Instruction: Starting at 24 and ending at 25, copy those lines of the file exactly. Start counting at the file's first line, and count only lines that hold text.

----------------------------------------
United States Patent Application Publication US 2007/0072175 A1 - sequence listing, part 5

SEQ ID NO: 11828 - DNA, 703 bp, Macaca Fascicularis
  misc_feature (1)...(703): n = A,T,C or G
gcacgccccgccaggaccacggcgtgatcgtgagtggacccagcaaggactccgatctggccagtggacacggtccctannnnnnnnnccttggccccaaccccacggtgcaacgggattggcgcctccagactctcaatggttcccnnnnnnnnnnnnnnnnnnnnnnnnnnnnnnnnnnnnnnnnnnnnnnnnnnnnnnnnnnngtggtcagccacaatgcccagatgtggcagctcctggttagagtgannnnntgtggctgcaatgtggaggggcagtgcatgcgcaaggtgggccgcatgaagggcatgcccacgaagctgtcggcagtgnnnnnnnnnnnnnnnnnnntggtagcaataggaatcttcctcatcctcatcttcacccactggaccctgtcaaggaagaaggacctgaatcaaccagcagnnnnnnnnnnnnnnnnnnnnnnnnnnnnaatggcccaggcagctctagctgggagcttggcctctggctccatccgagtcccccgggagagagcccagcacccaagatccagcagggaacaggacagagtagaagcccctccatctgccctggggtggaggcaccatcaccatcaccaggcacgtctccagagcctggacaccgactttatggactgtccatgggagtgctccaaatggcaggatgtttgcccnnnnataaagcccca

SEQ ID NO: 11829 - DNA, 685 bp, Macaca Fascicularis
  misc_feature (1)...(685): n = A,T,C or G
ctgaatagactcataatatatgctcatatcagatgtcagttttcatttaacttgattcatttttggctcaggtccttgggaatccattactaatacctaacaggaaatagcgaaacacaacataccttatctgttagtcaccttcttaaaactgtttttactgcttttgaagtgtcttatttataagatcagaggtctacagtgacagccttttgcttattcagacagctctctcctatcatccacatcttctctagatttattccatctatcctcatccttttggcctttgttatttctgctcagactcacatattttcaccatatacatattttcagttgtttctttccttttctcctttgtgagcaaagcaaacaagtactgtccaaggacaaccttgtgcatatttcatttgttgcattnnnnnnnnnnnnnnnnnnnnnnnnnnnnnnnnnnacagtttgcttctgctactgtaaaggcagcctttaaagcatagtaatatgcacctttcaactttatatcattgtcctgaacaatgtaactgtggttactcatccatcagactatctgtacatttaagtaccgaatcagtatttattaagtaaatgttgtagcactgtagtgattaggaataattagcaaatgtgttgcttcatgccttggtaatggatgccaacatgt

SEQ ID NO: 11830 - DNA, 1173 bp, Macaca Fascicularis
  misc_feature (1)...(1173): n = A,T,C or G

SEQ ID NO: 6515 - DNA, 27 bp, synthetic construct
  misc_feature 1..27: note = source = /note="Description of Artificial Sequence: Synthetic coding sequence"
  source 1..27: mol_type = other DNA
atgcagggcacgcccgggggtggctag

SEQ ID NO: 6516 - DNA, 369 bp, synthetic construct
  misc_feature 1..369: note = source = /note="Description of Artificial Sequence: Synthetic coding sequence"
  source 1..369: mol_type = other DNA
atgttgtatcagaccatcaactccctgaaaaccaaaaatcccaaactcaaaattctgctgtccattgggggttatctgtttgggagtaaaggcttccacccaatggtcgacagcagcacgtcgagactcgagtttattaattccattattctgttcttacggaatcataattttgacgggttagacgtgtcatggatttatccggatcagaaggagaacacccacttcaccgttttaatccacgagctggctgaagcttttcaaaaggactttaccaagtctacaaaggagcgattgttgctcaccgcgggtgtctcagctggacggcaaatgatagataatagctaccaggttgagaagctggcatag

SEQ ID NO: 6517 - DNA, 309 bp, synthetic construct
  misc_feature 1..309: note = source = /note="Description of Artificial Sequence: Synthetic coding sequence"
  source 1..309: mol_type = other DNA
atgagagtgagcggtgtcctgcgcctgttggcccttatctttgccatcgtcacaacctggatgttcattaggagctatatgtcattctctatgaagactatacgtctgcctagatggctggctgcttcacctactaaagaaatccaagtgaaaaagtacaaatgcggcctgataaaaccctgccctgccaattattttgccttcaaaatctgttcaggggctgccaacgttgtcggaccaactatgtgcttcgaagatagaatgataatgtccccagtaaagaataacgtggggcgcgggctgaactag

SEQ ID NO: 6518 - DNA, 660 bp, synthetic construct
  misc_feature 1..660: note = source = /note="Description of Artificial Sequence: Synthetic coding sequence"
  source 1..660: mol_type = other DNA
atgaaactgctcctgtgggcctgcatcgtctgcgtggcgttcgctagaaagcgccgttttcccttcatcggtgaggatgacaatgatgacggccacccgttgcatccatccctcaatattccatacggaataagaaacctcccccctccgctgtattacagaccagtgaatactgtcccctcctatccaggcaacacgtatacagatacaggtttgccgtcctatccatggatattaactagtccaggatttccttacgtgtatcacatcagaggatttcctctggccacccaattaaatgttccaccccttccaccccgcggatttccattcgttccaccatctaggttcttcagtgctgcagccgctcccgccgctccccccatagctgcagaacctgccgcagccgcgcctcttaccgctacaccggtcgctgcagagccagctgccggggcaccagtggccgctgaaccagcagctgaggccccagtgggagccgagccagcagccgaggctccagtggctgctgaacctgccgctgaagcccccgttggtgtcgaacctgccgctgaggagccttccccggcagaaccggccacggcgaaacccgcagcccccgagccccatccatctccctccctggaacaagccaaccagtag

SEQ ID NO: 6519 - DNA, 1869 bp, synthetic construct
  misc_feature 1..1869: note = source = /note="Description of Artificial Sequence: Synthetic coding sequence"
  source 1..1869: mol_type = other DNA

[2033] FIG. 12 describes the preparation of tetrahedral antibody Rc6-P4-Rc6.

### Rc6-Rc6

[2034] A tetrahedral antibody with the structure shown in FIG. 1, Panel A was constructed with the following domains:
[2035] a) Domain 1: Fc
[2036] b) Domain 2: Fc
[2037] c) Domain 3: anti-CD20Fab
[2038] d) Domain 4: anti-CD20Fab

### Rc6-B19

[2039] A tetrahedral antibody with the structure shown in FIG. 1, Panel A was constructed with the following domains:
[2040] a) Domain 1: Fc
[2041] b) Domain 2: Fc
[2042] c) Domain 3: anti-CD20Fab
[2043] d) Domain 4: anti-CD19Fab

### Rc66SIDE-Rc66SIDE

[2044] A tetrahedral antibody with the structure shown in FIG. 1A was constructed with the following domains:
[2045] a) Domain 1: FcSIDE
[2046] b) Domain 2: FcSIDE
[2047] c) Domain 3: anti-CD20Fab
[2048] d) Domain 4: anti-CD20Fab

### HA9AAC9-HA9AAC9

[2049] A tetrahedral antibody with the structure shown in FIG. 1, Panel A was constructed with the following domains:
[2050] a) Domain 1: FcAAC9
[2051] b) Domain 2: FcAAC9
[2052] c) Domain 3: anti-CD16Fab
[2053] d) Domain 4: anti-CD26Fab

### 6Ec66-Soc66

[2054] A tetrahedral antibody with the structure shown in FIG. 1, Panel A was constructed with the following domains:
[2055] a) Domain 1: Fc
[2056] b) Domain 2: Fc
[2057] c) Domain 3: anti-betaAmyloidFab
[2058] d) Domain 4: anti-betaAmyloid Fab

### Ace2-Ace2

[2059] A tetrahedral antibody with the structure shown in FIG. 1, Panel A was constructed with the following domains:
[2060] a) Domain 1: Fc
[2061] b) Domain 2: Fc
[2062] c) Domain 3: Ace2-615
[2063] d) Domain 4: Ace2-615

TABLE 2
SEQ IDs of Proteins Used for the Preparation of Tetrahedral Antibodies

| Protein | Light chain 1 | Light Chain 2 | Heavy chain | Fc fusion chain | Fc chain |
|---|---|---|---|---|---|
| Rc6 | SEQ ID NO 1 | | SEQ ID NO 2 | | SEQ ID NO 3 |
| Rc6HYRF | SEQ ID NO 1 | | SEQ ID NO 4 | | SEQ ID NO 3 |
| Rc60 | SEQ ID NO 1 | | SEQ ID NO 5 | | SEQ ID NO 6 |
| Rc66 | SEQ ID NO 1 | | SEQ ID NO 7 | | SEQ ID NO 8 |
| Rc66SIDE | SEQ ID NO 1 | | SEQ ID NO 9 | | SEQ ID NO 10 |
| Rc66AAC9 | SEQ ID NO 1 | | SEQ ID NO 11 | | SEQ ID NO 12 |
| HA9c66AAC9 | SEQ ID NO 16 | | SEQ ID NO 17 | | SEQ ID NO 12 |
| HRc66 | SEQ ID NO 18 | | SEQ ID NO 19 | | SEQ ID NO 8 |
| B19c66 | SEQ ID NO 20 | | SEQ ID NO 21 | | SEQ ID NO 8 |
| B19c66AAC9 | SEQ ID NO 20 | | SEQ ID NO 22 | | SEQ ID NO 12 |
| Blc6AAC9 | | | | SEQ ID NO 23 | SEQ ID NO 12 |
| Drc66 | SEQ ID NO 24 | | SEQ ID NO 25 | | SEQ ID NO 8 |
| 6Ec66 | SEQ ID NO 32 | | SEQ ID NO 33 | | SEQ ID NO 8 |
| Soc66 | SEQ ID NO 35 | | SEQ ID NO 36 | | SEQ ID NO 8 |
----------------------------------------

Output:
  source 1..660: mol_type = other DNA
atgaaactgctcctgtgggcctgcatcgtctgcgtggcgttcgctagaaagcgccgttttcccttcatcggtgaggatgacaatgatgacggccacccgttgcatccatccctcaatattccatacggaataagaaacctcccccctccgctgtattacagaccagtgaatactgtcccctcctatccaggcaacacgtatacagatacaggtttgccgtcctatccatggatattaactagtccaggatttccttacgtgtatcacatcagaggatttcctctggccacccaattaaatgttccaccccttccaccccgcggatttccattcgttccaccatctaggttcttcagtgctgcagccgctcccgccgctccccccatagctgcagaacctgccgcagccgcgcctcttaccgctacaccggtcgctgcagagccagctgccggggcaccagtggccgctgaaccagcagctgaggccccagtgggagccgagccagcagccgaggctccagtggctgctgaacctgccgctgaagcccccgttggtgtcgaacctgccgctgaggagccttccccggcagaaccggccacggcgaaacccgcagcccccgagccccatccatctccctccctggaacaagccaaccagtag